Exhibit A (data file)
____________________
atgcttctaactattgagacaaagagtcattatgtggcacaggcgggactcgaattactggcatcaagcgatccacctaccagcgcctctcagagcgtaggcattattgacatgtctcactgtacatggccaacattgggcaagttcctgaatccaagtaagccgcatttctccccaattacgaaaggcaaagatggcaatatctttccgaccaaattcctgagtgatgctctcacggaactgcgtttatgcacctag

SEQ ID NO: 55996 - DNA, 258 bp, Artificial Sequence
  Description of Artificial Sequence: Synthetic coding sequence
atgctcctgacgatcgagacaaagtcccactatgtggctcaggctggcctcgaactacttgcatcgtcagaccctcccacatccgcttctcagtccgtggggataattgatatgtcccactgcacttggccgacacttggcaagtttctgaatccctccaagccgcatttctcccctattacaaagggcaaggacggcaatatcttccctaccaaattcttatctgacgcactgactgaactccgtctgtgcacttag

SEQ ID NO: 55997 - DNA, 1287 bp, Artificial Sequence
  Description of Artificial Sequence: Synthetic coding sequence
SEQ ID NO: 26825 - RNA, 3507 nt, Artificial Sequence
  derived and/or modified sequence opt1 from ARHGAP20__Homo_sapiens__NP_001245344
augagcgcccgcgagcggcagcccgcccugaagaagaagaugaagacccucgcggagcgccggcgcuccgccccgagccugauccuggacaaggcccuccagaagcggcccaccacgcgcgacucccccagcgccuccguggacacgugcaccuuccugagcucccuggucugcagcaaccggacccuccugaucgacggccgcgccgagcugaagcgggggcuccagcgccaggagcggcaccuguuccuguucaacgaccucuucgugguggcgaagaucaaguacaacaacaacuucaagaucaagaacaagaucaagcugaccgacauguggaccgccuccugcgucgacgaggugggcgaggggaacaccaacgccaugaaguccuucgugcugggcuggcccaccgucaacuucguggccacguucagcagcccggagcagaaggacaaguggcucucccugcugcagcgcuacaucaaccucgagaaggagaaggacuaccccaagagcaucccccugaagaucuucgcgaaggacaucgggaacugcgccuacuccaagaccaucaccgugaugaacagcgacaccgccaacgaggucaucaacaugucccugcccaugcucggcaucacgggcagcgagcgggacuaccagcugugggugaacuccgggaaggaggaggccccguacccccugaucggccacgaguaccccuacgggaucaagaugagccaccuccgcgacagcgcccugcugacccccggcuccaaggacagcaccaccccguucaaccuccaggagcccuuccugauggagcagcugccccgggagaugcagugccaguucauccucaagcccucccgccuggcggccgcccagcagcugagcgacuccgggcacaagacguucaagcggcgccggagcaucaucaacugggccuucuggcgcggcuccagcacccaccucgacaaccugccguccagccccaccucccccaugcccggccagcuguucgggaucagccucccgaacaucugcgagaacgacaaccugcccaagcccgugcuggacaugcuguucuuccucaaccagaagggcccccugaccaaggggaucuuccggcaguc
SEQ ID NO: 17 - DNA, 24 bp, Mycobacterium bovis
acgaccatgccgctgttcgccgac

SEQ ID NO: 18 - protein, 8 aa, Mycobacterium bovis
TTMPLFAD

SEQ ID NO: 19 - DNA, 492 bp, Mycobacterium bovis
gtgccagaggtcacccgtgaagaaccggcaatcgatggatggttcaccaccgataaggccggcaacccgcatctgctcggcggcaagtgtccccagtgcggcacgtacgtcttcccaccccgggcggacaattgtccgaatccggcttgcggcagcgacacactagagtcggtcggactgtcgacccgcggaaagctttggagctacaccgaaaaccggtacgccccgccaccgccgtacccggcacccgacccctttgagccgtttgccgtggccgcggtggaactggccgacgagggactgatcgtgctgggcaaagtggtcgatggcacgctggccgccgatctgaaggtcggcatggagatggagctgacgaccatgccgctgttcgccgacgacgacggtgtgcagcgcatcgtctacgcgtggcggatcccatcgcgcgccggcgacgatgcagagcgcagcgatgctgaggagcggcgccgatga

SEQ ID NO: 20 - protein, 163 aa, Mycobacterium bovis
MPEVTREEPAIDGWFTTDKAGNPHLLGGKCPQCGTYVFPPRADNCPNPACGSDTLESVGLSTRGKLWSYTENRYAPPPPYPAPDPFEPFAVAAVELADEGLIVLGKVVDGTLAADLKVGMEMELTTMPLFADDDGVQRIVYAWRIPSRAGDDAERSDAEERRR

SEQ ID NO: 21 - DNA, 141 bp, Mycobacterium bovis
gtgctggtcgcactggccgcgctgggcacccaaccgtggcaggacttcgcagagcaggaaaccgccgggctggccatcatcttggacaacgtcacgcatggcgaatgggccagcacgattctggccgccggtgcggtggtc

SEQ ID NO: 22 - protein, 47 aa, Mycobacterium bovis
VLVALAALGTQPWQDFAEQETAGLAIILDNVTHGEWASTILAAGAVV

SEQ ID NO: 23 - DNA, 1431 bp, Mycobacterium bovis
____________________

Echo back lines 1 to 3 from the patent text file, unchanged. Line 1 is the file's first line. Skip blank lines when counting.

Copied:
atgcttctaactattgagacaaagagtcattatgtggcacaggcgggactcgaattactggcatcaagcgatccacctaccagcgcctctcagagcgtaggcattattgacatgtctcactgtacatggccaacattgggcaagttcctgaatccaagtaagccgcatttctccccaattacgaaaggcaaagatggcaatatctttccgaccaaattcctgagtgatgctctcacggaactgcgtttatgcacctag

SEQ ID NO: 55996 - DNA, 258 bp, Artificial Sequence
  Description of Artificial Sequence: Synthetic coding sequence